Take ScienceLogic, for example, a company founded 12 years ago by CEO David Link.
ScienceLogic’s revenue under contract (aka “bookings”) tripled from about $30 million in 2014, to $100 million in 2015, Link told Business Insider.
And he expects big growth again in 2016 (although he wouldn’t share the target number).
This is all because of enterprises are running full speed ahead toward cloud computing services, particularly Amazon Web Services (the giant of the cloud industry).
ScienceLogic offers what’s known as systems and network monitoring tools. It competes with products from companies like Zenoss, Solarwinds, IBM, HP and CA.
The “hybrid” market
About three years ago, Link saw the cloud computing trend and revamped his product to work especially well with Amazon’s cloud. (Today, it also works with Microsoft Azure and clouds built using VMware’s software, too.)
His goal was to tackle what’s known today as “hybrid” computing. That’s when companies put part of their IT into the cloud while keeping part in their own data centres.
Many businesses plan to operate in a hybrid forever. Others find that once they try cloud computing, they like it and want to eventually unplug all of their data centres for the cloud. But they will still be “hybrid” for a few years, the time it takes them to move.
As you might imagine, it can be complicated to manage a hybrid setup, with apps, data and systems spread out all over. And this is especially true if a company uses more than one cloud (which many do).
ScienceLogic helps them watch, and even find, all of their IT assets. Its claim to fame is that it’s incredibly detailed, Link tells us.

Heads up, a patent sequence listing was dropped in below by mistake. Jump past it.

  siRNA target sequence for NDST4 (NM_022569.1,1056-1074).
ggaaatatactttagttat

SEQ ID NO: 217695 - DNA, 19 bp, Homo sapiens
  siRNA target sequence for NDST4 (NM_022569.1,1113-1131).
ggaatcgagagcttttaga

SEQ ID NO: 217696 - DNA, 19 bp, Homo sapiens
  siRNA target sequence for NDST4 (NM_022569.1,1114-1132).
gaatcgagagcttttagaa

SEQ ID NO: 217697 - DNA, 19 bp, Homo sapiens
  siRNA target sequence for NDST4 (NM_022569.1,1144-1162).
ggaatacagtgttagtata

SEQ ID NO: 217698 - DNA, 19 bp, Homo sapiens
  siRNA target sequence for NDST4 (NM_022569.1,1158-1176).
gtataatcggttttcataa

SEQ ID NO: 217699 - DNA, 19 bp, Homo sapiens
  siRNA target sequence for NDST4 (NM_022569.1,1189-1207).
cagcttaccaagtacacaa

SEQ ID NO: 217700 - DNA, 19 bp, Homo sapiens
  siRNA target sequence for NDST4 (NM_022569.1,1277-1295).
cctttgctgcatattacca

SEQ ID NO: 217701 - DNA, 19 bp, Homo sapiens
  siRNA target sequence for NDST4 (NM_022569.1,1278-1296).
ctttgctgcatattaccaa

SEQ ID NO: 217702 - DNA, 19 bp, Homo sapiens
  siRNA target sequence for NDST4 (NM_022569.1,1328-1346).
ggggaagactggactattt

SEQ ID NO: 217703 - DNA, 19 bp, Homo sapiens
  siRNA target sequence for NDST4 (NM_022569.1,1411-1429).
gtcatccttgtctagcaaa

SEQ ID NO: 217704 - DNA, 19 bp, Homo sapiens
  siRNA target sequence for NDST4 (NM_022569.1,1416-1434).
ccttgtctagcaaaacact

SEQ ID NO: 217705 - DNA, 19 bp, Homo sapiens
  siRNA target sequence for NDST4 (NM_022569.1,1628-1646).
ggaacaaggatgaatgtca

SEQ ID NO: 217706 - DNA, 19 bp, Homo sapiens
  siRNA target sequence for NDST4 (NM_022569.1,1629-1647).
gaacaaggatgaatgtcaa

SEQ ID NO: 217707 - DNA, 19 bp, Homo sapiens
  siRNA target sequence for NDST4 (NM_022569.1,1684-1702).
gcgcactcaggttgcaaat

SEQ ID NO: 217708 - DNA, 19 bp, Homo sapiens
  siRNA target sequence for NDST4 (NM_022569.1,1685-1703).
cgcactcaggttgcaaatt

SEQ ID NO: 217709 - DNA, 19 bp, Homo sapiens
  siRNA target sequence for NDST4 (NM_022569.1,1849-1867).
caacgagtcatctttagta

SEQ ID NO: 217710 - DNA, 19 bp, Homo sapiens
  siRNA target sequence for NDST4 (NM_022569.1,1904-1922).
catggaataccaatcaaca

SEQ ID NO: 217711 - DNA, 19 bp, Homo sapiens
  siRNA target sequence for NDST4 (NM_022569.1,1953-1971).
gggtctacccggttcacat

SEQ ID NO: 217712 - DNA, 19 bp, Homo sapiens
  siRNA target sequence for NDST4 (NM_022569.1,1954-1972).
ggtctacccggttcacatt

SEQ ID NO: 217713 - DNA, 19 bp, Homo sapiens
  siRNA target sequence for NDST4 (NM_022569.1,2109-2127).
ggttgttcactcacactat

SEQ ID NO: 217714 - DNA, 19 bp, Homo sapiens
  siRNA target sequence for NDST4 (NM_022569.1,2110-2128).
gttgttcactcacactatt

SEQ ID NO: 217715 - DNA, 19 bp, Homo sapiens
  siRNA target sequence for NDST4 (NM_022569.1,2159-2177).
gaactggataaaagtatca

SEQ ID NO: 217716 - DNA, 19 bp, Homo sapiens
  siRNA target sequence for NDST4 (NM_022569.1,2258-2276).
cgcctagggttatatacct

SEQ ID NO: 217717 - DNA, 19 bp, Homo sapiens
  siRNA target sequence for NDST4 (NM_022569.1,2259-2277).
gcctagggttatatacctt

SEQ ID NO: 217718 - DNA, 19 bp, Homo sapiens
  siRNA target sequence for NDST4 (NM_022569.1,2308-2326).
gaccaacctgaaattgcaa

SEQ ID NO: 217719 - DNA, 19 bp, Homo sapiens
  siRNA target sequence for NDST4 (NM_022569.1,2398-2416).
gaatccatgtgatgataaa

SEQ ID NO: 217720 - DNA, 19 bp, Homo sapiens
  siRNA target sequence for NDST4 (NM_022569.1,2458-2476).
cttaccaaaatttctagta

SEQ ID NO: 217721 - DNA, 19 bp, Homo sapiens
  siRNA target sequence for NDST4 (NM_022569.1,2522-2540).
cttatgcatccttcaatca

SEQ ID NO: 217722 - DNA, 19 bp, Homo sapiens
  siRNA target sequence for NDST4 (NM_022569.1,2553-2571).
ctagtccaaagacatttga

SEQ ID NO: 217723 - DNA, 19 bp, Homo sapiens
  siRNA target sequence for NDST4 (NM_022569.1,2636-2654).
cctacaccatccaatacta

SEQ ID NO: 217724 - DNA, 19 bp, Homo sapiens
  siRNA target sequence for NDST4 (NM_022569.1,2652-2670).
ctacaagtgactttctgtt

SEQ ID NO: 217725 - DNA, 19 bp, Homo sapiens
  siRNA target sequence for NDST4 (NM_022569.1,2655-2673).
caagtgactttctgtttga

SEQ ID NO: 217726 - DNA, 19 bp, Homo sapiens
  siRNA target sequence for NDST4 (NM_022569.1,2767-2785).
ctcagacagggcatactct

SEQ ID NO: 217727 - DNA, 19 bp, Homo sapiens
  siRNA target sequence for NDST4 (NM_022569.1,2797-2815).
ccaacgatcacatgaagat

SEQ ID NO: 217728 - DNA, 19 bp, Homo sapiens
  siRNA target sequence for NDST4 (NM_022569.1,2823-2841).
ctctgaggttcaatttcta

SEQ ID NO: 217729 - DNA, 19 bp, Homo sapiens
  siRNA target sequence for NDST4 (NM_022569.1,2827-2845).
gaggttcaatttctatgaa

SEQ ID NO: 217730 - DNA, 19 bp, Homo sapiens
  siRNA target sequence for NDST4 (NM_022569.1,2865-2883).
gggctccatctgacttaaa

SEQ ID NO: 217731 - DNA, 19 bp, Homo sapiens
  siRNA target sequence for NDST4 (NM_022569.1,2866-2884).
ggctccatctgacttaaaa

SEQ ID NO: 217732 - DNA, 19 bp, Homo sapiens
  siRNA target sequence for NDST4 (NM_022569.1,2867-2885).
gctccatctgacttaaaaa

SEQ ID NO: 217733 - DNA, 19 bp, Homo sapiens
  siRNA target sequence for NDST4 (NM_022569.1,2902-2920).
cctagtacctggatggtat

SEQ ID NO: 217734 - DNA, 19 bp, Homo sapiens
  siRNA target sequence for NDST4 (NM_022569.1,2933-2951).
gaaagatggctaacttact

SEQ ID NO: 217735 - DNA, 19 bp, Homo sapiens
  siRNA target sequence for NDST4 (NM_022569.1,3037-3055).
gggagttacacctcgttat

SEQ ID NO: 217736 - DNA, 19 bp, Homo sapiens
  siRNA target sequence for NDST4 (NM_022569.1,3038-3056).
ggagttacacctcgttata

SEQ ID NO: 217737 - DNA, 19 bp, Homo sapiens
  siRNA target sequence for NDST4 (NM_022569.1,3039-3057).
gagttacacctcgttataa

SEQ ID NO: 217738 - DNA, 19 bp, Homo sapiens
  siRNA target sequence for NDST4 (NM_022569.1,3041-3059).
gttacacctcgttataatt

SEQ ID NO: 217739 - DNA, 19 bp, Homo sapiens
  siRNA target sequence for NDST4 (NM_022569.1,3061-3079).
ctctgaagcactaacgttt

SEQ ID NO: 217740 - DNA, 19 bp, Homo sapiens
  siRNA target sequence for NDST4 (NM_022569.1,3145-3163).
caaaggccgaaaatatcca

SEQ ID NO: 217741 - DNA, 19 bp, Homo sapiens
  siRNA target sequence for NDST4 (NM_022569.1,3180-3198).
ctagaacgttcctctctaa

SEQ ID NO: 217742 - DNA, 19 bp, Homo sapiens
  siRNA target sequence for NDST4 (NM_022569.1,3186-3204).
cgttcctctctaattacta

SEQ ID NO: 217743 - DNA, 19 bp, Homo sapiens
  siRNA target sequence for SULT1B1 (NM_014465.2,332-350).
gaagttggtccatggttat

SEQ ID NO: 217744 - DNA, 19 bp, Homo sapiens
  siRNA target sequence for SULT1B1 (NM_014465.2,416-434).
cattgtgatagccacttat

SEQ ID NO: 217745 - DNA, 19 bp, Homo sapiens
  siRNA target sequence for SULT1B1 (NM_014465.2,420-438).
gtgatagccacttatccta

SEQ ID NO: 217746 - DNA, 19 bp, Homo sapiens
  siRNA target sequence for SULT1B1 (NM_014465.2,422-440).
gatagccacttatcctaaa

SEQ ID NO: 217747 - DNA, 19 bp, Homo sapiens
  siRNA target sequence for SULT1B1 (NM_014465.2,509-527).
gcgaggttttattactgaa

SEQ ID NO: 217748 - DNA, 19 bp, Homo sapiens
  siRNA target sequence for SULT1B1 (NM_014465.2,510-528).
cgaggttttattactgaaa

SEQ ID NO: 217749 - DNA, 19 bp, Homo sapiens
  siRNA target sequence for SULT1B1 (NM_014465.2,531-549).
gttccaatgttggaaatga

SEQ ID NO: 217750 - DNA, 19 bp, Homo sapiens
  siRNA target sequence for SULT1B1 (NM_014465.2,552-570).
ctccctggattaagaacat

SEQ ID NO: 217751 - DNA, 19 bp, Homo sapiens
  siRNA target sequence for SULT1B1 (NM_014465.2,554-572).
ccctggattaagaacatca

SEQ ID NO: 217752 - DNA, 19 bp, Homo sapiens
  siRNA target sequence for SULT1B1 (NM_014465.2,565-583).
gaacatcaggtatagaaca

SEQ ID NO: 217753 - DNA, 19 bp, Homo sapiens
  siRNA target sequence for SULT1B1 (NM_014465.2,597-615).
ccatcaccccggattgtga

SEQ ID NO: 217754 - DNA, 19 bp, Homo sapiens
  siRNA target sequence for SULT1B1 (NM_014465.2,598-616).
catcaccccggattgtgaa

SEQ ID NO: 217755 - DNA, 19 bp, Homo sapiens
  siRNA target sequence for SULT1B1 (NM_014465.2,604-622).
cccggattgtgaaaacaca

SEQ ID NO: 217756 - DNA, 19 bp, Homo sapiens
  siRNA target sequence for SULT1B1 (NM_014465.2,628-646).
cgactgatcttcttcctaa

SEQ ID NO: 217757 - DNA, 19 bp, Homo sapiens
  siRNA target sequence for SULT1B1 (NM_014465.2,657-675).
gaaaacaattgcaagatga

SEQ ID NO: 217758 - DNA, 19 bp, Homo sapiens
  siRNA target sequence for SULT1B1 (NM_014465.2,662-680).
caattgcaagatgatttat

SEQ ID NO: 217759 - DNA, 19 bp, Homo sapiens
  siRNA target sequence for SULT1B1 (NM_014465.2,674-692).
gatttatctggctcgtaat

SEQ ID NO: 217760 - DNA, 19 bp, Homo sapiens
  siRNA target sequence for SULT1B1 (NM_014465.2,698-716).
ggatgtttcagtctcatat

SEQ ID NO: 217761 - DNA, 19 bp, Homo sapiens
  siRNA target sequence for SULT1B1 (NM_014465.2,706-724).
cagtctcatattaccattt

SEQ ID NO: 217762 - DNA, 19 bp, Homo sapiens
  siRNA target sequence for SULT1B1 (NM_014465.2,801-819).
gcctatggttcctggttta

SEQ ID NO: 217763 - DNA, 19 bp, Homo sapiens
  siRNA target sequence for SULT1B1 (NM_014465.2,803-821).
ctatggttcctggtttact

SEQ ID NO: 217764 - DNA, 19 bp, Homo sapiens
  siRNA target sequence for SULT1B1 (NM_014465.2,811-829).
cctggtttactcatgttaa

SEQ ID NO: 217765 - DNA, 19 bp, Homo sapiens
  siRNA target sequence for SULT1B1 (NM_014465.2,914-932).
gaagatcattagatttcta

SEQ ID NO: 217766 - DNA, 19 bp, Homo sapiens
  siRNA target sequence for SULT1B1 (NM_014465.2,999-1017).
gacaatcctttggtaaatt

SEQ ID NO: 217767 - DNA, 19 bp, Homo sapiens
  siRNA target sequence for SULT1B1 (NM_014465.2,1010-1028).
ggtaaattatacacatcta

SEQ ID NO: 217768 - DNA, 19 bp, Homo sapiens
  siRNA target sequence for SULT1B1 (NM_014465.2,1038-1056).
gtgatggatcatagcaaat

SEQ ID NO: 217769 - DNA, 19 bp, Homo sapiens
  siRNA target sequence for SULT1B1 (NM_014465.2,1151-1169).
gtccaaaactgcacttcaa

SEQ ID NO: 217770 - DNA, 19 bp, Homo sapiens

A dotcom survivor
ScienceLogic is also a dream-come-true for Link.
Before founding ScienceLogic, he had been working for a web hosting company that didn’t survive the dotcom bubble. It was his job to buy all of the data center equipment and systems monitoring tools. He and his two ScienceLogic cofounders (who still run ScienceLogic with him) spent the first year of the company programming the initial product in his basement.
“I was a buyer of these products, and I didn’t like the way the marketplace was treating me,” he told Business Insider. “We didn’t build this company to build it and flip it. We wanted to solve a problem near and dear to our hearts.”
The company was bootstrapped for its first seven years before landing its first $15 million in venture funding from NEA in 2010. It then landed Intel and Goldman Sachs as investors and, all told, raised $84 million, with a $45 million round from Goldman Sachs about a year ago, before the funding bubble burst.
“We’ll be cash-flow positive second half of this year,” he says. “I’m so happy to be sitting here now, feeling smarter than I should because we took more funding than we needed.”
An IPO is the eventual goal, he concedes, but that will have to wait until the public market regains its tech IPO appetite again.
In the meantime, thanks in large part to Amazon, business is good.
In addition to tripling bookings last year, ScienceLogic will grow its employee base from 270 to about 350 people in 2016, with offices in Europe, Hong Kong and Singapore and it has 25,000 customers worldwide.